Building fire alarm went off at 7 a.m., I was half-sleep with clock radio on news - fell asleep last night listening to weather report. I hate when I do that. Decided I would not run outside. This was foolish, I know, but the alarm has gone off here a number of times & has never involved an actual situation. Usually been tenants bumping into the red hallway box while moving furniture. The one real situation we had didn't set off the alarm & we called in it ourselves - a strong electric fire smell emanating from the first floor apt of a drunken guy who wouldn't open his door. He had fallen into beer sodden sleep while using his toaster oven. The fire dept had to kick in his door & then air out the building with a fan while we waited around out front. The landlord had been called, & he got an earful from us when he arrived. That tenant had been a problem in other ways, loud music & arguments, his undersized cat wandering the halls at night meowing. Not supposed to have cats, but nobody would care if they went unnoticed. Landlord promised to get the guy out of the building., Took a few months. A nice woman in the apt now who decorates her door for holidays & hosts birthday parties for her grandchildren. Quite an improvement.

I listened for other tenants, heard some doors open, no yelling. I got up, opened the door, smelled nothing. So I put on socks & flannel shirt & waited for the fire engines. Automatic two truck response to building alarms. If it was serious, firefighters would come through the building banging on doors & I'd be ready to go out the front, or out the window.

One of the fire trucks stopped in the intersection, & I could see out the window they weren't rushing to unpack equipment. I stuck my cellphone in my pocket, located my sneakers, but didn't put on jeans over my sweatpants or shut down the computer. I checked the current weather online. Frozen precip, ugh. The alarm stopped clanging. It had been clanging at least 15 minutes.

Then I wandered downstairs in my socks to find out who was to blame. Some of the resident women were in the hallway at bottom of the steps. "There he is," one of them said, "we were wondering about you. "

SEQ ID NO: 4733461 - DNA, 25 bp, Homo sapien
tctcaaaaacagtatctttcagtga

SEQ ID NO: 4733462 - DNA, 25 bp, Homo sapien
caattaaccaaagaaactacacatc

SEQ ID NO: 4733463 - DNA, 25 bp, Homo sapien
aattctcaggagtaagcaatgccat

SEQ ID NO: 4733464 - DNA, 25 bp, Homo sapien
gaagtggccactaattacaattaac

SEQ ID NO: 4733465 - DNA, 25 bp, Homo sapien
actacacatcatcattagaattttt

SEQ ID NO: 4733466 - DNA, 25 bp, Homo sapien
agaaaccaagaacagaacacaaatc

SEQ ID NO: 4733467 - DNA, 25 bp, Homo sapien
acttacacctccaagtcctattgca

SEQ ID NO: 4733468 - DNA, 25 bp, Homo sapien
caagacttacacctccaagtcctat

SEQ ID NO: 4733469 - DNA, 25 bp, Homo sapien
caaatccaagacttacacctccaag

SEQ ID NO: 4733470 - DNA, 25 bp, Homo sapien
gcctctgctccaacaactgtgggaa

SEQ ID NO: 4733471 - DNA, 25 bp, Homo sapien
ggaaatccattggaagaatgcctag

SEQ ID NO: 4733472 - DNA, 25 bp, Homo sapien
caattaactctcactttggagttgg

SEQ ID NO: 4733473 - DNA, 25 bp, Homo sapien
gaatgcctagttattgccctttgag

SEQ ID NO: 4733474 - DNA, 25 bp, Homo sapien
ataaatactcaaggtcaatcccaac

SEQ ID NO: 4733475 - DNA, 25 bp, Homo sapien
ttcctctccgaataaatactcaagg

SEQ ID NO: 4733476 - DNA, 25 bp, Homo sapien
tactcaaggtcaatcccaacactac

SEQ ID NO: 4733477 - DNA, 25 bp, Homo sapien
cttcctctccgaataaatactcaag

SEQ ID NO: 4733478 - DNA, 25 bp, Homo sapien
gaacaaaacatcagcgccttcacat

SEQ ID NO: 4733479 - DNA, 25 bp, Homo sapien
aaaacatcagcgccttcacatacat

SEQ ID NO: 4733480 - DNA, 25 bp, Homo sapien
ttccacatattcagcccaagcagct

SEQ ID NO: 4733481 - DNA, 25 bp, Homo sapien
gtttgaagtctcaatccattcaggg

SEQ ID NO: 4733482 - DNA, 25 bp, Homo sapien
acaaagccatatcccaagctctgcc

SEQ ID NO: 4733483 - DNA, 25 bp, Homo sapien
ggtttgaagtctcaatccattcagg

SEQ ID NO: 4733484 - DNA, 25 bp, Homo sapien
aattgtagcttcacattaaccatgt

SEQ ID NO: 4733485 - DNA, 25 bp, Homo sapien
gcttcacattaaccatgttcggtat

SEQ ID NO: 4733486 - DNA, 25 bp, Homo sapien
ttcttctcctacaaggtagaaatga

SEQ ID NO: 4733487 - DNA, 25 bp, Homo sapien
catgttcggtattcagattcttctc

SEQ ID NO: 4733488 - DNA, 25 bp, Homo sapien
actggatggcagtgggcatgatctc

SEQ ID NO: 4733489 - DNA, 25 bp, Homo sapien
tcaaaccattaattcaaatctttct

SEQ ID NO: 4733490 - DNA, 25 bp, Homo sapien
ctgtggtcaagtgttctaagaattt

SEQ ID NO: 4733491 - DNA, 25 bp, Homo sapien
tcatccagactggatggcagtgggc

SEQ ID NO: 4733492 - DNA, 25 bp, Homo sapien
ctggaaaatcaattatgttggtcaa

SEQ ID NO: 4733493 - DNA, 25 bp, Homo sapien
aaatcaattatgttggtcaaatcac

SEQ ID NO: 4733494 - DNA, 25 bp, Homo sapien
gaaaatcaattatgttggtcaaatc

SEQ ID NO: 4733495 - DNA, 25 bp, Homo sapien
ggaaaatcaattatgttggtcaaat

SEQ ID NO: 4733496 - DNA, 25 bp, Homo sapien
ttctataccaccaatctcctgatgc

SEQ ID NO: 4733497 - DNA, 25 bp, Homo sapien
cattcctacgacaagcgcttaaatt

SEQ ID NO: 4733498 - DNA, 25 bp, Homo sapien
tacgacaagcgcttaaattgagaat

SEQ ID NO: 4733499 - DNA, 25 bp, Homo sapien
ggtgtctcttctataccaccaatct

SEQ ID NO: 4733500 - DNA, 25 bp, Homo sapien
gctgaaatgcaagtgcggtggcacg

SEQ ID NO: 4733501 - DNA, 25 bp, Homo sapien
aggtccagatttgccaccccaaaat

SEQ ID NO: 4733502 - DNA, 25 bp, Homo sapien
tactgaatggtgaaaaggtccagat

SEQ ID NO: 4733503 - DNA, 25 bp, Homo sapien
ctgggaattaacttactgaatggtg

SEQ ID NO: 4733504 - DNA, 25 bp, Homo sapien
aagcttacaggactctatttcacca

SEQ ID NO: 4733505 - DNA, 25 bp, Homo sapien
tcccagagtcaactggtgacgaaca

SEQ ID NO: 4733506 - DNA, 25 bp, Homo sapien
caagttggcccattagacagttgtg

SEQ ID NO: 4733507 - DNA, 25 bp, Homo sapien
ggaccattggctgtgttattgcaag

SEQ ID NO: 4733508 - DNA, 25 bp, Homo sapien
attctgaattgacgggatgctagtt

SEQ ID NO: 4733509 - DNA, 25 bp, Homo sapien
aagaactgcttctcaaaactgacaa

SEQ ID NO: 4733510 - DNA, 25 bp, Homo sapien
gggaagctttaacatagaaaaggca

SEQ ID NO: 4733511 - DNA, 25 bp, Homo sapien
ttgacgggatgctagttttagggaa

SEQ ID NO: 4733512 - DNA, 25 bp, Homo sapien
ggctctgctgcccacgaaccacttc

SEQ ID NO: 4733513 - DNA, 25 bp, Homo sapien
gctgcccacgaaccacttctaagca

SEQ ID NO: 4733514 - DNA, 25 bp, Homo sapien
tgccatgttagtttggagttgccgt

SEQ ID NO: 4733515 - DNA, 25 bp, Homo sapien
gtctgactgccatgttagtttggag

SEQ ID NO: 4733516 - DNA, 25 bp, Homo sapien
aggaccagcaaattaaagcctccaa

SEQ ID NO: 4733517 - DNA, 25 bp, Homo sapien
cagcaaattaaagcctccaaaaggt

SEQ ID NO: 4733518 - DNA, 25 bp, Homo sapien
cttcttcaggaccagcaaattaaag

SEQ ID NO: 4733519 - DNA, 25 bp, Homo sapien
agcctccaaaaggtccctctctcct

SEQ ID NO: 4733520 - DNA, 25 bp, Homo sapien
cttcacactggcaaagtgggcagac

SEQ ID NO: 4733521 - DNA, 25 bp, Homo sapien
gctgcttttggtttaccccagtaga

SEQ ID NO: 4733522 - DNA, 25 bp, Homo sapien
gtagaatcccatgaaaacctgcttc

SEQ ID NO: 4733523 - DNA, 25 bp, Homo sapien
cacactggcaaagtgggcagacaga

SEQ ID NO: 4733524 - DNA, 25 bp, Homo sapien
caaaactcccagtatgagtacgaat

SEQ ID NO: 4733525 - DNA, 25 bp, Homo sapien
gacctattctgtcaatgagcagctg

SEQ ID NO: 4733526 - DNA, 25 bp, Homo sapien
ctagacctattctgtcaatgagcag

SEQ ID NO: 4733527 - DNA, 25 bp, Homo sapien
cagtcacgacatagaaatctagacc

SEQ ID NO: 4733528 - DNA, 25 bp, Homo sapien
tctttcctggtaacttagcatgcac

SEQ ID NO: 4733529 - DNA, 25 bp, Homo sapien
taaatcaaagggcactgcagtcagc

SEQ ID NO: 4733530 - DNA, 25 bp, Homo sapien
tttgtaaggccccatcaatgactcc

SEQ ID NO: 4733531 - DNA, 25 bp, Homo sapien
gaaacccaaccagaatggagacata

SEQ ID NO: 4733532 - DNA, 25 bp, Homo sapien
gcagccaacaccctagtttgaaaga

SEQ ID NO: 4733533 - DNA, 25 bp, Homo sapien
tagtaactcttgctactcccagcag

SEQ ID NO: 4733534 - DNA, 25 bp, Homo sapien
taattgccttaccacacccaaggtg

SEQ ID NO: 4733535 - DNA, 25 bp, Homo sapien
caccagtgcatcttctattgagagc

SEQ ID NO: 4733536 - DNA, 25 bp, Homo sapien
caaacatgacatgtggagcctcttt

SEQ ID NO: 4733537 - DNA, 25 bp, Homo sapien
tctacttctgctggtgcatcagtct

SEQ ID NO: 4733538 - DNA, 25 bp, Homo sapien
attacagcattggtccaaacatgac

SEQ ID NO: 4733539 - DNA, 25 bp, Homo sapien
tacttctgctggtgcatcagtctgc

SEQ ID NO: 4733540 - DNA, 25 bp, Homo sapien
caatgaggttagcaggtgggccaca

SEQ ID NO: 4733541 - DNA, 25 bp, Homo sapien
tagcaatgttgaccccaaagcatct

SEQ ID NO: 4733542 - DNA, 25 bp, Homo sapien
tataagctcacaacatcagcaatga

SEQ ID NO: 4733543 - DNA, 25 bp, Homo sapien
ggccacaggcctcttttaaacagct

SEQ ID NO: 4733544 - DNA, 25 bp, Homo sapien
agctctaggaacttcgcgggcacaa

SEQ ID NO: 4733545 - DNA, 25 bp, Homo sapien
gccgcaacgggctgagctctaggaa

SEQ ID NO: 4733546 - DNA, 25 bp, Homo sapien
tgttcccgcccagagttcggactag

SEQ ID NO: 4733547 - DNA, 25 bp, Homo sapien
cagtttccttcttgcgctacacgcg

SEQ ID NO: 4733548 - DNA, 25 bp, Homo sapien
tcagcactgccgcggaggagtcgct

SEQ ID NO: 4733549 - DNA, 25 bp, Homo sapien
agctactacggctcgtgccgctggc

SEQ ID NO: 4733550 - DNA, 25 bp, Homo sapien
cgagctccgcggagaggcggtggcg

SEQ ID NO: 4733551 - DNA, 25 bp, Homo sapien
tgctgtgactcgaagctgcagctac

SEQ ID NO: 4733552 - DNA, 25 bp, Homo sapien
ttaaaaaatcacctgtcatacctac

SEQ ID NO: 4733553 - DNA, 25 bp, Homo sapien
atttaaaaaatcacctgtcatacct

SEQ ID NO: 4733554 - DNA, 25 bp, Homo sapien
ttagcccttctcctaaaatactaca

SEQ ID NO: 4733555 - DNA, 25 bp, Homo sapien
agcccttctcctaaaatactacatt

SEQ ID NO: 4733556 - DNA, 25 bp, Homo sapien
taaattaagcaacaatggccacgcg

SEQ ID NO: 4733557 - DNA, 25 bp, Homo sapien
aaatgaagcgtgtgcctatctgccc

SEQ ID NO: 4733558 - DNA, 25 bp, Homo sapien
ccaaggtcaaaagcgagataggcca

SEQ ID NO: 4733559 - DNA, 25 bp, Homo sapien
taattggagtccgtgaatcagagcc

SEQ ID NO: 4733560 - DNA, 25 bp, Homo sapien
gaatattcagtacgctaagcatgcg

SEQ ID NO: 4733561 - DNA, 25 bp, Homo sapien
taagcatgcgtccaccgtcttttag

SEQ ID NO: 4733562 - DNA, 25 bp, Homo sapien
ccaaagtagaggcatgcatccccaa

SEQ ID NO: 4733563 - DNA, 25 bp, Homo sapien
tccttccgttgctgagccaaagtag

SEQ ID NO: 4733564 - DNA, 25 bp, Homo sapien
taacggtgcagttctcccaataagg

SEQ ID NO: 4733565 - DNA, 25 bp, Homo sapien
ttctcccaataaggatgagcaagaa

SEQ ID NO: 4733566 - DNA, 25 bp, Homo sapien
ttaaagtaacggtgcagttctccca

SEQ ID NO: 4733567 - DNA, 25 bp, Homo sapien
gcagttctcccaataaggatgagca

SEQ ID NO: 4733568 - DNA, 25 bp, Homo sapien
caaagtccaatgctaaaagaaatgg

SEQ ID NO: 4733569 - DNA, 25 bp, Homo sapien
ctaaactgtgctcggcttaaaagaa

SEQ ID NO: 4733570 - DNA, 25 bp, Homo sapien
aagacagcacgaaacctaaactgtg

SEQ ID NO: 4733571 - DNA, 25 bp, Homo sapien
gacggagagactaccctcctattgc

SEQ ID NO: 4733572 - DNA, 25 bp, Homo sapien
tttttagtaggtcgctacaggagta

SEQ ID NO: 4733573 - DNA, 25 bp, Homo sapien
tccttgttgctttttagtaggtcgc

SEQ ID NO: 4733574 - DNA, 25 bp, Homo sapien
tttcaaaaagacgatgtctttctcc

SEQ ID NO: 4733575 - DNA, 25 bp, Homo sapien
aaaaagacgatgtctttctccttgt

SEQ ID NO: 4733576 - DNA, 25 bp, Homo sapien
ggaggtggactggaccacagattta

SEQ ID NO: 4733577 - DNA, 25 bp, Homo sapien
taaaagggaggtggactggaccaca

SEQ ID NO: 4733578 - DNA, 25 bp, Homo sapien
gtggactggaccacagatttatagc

"I wasn't going outside until a third fire engine showed up."

At that moment, two firemen in their heavy coats & helmets came up from the basement, said goodbye as they passed. My neighbor walked in, unaware of anything, had just dropped his kids off at school, a 7:30 start.

I still don't know who or what set off the alarm, but it had something to do with a guy in a basement apt, & the landlord had already been called. I went back to bed for awhile.

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Wednesday, February 24, 2010

The Inspector

"This is a one-bedroom. Is this the bedroom?" The city inspector looked into the room on the left of the entryway. It 's filled with boxes, some empty, most loaded with books, journals, cassette tapes, & collected junk. It has a table comprised of a plank laid across filing cabinets. "Where do you sleep?"

It's a question I hear every year, either from this inspector - the short, efficient black woman, or the affable, middle-age, rumpled white man. He was here last year. "That room is my workspace & attic. I sleep in the other room on a futon."

The white guy, I've learned, is the more nosy inspector. He actually looks at the window locks by the fire escape, twiddles the radiator valves, turns the faucets on & off, pokes into corners. I think he's trying to see what's in the boxes, the crates of CDs. There's also an xylophone leaning against the wall, & diner booth jukebox on the floor, & some paintings propped on the boxes. The woman can see the open path to the shadeless window, the two latches on the sash, & the fire escape railing beyond; feels the heat in the apt ("Better too much than too little, " she said in the hot hallway downstairs when I escorted her in). The room has no water stains in the ceiling, no extension cords criss-crossing the floor. There's a smoke detector with a glowing red light. She doesn't even enter the room.

She doesn't like the bathroom. Neither do I. Had a leak upstairs two weeks ago. Leak fixed, ceiling tiles not replaced. Empty hole showing the floor above. I tell her the truth. "I pester the handyman, he probably figures he'll have to fix stuff anyway when he gets your report. It's annoying."

"The owner" - she looks at her clipboard - "Mark, he ever come around?"

"Once in awhile. I have his number. He returns his calls. I'm a good tenant. But he'll kick the guy's butt. He always does this time of year. No reason for me to call him ... yet."

She checks out the little kitchen area. "You have gas?"

"Nope, I had turned it off. It was a waste. I hate gas. Never used the oven, here or in my old place."

"How long you lived here?"

"Since 2004." That probably settled any question of lifestyle. I'm entrenched. She inspects better places & she inspects worse. In this building. I'm a slob in the manner of a divorced college teacher. But you've have had to have visited one to know.

"I see you have a microwave."

"I have everything I need. Just don't keep them out on the table. "

She's finished in a few minutes. I sign the report. "Thanks for coming on time," I say.

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Tuesday, February 23, 2010

Jayson Williams

Former NBA star Jayson Williams is sentenced to five years in prison

ALEXANDRIA TOWNSHIP -- Former New Jersey Net Jayson Williams was sentenced today to five years in prison for fatally shooting a limousine driver in 2002.